This resource is specific to CGIF and will be a participant in the Information Governance steering committee. In some implementations this resource and these responsibilities are incorporated into the Business Intelligence area. Management of the information assets is the foundation for the Information Governance framework. CGIF defines information assets as those automated data environments that are used across the organization. Automated data sources include and are not limited to— operational data bases, data warehouse, integration data, operational data environments, and data marts. Managing all the automated data environments needs to have specific ownership. Some of these data environments are operational and some are analytical. Typical responsibilities include:
- Managing the use of Information assets
- Inventory of all information assets
- Directing the Information asset stewards
- Responsible for metadata management strategy
This is the IT leader— whether that is CIO or Director of IT. The Technology owner is defined at the highest level of IT and will be a participant in the Information Governance steering committee. Typical responsibilities include:
- Managing of technology environments
- Directing resources for operational systems and assets
- Overall responsibility of operational systems
There are three levels of stewardship— Business Information Stewards (BIS), Information Asset Stewards (IAS), and Technology Stewards.
Business Information Stewards (BIS)
These resources are within the business departments and are considered the “go-to” person within the business group. They are also known as the subject matter experts for their respective business areas. Typically, they are responsible for:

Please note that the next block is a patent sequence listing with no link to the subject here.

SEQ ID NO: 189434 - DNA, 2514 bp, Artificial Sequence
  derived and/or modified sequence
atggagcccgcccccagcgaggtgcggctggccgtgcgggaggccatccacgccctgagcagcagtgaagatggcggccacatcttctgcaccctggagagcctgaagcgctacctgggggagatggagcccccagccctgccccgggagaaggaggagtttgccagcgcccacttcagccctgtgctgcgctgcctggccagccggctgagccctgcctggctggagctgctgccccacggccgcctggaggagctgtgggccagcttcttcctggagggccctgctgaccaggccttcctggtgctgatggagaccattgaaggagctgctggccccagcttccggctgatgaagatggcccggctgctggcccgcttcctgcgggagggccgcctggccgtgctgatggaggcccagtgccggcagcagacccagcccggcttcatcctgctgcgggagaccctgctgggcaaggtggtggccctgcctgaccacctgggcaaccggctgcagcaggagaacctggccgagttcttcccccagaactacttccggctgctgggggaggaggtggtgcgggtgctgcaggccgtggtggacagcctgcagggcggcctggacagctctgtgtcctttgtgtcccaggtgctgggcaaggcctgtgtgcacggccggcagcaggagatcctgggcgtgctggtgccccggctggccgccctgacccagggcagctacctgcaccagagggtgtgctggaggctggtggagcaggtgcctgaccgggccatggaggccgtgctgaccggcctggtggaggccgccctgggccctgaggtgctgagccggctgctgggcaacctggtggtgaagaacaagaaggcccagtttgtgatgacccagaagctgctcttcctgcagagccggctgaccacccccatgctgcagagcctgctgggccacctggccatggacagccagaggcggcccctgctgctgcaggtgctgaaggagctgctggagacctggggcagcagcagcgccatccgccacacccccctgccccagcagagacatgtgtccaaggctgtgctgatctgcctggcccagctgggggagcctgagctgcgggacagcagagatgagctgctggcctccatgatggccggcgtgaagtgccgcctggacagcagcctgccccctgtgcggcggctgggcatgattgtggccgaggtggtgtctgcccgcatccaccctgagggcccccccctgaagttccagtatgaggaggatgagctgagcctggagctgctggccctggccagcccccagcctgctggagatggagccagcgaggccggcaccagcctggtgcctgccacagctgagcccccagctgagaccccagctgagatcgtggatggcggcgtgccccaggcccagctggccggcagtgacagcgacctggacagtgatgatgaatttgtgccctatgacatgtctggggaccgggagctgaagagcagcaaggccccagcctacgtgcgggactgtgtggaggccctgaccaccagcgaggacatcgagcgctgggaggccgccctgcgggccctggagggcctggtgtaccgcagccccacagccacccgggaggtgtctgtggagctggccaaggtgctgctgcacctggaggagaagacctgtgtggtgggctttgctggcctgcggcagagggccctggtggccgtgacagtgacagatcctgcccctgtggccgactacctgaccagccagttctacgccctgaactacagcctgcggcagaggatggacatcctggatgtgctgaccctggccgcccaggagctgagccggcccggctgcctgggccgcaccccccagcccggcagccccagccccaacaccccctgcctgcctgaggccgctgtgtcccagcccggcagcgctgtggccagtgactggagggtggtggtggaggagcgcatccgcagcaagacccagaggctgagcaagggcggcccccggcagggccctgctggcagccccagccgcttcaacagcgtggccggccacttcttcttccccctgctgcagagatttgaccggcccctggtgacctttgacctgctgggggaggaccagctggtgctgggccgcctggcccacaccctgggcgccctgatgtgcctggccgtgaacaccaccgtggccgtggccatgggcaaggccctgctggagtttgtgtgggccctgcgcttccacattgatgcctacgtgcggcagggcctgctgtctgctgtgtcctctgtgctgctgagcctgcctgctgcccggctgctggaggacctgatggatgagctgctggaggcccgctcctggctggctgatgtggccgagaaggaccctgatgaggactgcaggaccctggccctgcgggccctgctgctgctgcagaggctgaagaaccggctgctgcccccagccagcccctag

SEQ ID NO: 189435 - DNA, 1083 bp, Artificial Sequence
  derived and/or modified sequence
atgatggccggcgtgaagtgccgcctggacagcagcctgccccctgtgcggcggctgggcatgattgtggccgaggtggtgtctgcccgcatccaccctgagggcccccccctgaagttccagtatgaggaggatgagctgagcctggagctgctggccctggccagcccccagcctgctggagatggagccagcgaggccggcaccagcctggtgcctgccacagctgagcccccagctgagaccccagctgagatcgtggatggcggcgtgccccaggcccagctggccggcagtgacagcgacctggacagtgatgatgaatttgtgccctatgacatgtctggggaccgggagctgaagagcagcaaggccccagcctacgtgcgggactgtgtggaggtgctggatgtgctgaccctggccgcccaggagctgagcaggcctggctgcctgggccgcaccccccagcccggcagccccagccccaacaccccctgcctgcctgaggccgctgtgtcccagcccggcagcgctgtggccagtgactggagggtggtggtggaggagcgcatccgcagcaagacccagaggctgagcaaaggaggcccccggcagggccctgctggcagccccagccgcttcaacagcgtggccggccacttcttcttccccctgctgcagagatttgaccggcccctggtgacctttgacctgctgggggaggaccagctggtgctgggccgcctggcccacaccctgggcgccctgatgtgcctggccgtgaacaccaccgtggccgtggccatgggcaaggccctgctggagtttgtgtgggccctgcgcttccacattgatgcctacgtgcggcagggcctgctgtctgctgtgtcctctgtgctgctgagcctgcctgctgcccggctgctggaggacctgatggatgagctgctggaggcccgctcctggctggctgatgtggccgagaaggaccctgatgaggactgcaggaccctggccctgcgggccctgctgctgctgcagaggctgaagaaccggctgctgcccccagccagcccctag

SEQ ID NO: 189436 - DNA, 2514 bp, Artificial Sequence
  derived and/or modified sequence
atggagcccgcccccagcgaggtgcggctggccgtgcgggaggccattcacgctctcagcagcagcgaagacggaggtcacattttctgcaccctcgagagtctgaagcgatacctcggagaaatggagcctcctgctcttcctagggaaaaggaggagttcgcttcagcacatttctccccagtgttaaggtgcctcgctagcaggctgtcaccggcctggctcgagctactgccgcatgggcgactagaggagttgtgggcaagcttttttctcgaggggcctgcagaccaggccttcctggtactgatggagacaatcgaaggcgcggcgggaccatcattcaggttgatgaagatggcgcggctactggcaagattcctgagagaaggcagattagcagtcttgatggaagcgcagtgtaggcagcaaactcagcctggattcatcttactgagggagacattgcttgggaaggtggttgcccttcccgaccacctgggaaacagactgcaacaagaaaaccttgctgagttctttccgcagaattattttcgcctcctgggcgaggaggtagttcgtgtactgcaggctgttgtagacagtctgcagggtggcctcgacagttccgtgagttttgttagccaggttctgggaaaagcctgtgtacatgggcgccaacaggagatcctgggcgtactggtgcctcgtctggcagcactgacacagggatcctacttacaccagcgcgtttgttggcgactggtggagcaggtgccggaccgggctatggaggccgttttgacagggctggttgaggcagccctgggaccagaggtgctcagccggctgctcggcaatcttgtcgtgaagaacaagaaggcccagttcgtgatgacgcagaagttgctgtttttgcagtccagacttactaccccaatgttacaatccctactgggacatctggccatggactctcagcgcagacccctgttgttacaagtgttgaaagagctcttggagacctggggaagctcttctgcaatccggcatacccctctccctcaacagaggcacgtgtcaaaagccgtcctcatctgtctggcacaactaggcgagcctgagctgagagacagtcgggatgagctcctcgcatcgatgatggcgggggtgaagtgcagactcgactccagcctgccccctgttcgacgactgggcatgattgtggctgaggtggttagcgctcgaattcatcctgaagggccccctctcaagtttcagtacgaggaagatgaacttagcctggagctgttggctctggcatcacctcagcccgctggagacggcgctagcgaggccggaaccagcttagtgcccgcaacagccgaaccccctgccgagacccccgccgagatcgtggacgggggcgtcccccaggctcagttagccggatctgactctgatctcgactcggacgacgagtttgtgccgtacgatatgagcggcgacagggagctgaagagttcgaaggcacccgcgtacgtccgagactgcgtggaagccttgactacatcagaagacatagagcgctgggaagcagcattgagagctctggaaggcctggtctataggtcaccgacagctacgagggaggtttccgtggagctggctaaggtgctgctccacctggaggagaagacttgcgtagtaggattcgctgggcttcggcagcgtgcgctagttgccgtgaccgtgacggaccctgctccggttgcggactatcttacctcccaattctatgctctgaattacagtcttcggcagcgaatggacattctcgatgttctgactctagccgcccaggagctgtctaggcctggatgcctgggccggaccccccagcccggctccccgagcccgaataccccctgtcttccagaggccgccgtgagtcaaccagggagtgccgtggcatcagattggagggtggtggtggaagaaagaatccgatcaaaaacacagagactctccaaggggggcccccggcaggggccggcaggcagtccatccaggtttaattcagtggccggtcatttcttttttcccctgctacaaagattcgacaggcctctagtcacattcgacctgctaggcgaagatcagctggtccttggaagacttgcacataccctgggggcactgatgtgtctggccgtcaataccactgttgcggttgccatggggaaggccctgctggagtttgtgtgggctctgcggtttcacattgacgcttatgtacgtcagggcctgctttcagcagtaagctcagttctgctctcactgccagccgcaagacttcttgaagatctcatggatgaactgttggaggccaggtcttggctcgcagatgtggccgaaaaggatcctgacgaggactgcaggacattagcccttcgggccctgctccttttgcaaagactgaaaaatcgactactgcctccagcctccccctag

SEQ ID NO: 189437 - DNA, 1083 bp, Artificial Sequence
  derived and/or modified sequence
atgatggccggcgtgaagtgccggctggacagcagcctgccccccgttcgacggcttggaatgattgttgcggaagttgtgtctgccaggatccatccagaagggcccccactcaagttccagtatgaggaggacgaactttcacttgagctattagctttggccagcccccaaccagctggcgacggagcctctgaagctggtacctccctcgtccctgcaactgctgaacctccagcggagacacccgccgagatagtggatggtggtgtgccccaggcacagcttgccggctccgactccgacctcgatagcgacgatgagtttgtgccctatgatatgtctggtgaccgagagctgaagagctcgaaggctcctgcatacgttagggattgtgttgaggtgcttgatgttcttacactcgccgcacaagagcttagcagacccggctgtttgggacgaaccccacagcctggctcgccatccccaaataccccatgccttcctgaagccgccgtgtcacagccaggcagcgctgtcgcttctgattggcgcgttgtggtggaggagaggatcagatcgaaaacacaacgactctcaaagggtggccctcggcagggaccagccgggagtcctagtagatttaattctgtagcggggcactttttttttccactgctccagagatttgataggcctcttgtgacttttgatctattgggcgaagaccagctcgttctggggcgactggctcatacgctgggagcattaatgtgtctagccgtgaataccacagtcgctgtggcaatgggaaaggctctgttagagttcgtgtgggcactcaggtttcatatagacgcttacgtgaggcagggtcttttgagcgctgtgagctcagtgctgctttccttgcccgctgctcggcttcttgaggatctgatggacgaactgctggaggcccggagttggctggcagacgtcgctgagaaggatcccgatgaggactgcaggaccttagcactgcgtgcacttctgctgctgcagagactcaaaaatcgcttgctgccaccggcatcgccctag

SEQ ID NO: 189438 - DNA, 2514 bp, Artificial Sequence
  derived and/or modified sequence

- Resolving data integrity issues across stakeholders / other BIS’
- Analyzing data for quality and reconciling data issues for their respective areas of responsibilities
- Creating and maintaining consistent reference data and master data definitions
- Publishing relevant data to appropriate users in an organization, and monitoring the published data sources for usage/relevance/quality feedback
- Creating and managing business metadata for published data sources to ensure that it is easily discoverable, and meaningful to information workers
Information Asset Stewards (IAS)
These resources are responsible for information asset management implementation and management. They report to the Information Asset Owner organization. Sampling of responsibilities are:
- Overall metadata implementation
- Impact analysis for operational and analytical environments
- Implementation of MDM and Reference data management
These resources are in the IT area; no they are not custodians, but they have the same title of steward, just like business and information asset stewards. Technology stewards are best defined by the business analysis (BA’s) within the IT area. If BA’s are not in the IT area, then the lead application developer would be the next choice.
Sampling of responsibilities for the technical stewards are:
- Coordinate activities with the Information Asset Stewards for impact analysis
- Coordinate activities with other IT resources (application developers, DBA’s, Network analyst)
- Understand and share development directions for operational systems
- Participate in stewardship meetings
Example of the structure of Steering committee and stewardship program.